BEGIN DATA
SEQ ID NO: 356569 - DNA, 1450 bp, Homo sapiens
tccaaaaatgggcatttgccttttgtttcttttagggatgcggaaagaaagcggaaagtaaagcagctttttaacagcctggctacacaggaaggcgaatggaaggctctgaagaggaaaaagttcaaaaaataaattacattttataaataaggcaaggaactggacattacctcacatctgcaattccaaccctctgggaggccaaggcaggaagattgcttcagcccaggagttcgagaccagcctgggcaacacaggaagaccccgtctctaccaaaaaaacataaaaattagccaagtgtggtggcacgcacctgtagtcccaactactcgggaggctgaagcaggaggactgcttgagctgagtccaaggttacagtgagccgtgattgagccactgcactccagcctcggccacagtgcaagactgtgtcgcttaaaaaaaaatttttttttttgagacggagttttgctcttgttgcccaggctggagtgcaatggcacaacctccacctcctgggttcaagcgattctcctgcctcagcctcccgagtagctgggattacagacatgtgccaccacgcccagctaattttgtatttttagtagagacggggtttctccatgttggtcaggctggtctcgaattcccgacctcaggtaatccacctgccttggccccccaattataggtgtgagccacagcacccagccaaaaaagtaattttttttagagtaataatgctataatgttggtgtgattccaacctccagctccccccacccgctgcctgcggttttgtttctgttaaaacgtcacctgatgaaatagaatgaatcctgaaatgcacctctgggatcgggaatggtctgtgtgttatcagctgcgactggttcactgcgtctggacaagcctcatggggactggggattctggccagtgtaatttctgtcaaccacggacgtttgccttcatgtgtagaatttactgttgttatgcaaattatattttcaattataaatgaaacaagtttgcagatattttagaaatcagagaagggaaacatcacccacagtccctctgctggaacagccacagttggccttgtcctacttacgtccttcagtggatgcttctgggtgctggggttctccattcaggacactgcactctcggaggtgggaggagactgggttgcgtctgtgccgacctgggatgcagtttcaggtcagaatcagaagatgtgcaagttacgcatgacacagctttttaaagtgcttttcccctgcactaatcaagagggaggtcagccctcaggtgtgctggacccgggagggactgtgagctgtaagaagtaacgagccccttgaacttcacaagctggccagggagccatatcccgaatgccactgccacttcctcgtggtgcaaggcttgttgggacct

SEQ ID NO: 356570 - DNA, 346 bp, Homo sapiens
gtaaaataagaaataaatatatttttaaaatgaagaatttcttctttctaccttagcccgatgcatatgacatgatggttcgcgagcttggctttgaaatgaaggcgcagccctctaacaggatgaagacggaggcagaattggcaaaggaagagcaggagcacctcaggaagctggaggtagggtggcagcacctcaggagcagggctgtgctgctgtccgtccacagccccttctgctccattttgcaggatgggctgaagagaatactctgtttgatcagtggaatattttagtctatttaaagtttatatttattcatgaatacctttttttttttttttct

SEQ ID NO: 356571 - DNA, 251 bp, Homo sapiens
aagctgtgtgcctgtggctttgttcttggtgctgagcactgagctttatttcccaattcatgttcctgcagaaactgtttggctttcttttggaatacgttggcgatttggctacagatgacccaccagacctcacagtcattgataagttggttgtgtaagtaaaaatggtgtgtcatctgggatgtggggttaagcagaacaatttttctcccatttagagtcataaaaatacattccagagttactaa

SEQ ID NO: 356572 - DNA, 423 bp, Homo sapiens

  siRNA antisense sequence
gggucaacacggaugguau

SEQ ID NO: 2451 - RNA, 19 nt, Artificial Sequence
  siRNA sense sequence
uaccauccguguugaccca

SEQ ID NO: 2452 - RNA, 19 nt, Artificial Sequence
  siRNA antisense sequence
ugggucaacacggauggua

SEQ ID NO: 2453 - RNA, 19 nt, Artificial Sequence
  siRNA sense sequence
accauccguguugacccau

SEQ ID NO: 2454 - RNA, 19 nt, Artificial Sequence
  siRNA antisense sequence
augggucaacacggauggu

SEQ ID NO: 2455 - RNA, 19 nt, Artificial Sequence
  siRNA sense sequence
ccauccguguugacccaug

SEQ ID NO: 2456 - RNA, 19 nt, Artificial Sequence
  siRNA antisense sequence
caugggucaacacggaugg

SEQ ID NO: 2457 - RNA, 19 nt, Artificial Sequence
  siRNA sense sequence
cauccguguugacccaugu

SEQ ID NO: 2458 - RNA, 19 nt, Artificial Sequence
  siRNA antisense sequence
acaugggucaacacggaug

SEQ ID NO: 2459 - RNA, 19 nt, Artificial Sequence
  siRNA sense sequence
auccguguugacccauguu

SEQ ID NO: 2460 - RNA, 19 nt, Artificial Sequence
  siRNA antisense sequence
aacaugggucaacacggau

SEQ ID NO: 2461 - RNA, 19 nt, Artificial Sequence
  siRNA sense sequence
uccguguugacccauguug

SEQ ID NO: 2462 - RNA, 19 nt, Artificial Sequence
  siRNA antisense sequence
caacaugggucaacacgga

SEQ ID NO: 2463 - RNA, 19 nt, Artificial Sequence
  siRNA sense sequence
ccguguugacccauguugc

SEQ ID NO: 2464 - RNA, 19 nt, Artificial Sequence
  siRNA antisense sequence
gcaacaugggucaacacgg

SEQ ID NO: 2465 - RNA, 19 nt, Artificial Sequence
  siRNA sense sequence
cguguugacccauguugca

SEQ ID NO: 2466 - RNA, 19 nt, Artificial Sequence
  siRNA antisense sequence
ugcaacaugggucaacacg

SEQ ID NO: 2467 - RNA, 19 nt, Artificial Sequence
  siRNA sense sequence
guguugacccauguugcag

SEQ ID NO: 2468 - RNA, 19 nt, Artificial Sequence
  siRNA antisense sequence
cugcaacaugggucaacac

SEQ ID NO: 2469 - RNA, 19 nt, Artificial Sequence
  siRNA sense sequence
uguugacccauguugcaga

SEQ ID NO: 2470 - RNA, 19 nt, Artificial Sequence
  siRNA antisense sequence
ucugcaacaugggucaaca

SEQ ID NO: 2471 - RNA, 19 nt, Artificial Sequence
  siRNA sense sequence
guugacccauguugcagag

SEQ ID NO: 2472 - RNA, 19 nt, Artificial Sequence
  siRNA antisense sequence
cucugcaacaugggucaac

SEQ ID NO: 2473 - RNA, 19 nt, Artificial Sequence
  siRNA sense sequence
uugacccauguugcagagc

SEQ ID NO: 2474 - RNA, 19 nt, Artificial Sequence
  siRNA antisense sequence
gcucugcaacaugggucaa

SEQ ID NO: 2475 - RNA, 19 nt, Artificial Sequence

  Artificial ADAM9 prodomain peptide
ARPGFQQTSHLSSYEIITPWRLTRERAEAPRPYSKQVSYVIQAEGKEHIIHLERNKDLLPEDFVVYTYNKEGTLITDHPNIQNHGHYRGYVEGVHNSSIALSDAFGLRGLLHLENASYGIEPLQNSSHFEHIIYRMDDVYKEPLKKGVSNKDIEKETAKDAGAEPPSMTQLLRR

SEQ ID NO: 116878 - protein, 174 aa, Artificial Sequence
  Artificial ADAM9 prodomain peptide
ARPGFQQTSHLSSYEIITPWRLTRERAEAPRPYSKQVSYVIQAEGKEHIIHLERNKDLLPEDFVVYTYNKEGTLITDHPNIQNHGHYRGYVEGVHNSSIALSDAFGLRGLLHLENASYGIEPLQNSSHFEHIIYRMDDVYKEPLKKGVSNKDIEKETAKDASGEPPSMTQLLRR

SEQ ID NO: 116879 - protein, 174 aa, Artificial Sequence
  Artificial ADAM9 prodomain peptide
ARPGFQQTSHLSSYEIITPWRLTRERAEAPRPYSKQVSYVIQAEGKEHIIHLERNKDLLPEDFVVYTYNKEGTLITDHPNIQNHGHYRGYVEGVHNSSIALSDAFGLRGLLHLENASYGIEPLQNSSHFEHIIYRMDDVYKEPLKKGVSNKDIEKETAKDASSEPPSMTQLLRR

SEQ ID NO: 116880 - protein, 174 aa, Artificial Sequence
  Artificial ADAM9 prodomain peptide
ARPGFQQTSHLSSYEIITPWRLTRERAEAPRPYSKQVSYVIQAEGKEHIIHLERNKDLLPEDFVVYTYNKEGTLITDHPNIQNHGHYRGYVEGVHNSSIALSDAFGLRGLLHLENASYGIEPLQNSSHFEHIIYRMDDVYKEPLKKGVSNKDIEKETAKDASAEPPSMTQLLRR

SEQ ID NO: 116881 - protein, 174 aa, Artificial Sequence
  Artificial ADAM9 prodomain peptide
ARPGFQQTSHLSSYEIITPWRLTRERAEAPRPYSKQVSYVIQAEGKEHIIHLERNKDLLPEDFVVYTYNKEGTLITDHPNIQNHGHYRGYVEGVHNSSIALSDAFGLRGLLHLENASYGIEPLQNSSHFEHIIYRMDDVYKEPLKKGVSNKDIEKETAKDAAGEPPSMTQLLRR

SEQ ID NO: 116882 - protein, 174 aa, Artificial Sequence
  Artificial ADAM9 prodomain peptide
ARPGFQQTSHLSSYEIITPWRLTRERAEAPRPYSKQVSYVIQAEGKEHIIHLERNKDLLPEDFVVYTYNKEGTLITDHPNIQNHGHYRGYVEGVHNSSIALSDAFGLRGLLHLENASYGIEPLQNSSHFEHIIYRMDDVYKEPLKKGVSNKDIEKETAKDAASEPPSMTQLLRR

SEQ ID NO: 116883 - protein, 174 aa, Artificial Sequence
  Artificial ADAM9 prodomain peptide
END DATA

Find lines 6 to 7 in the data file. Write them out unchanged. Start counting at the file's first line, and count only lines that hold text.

aagctgtgtgcctgtggctttgttcttggtgctgagcactgagctttatttcccaattcatgttcctgcagaaactgtttggctttcttttggaatacgttggcgatttggctacagatgacccaccagacctcacagtcattgataagttggttgtgtaagtaaaaatggtgtgtcatctgggatgtggggttaagcagaacaatttttctcccatttagagtcataaaaatacattccagagttactaa

SEQ ID NO: 356572 - DNA, 423 bp, Homo sapiens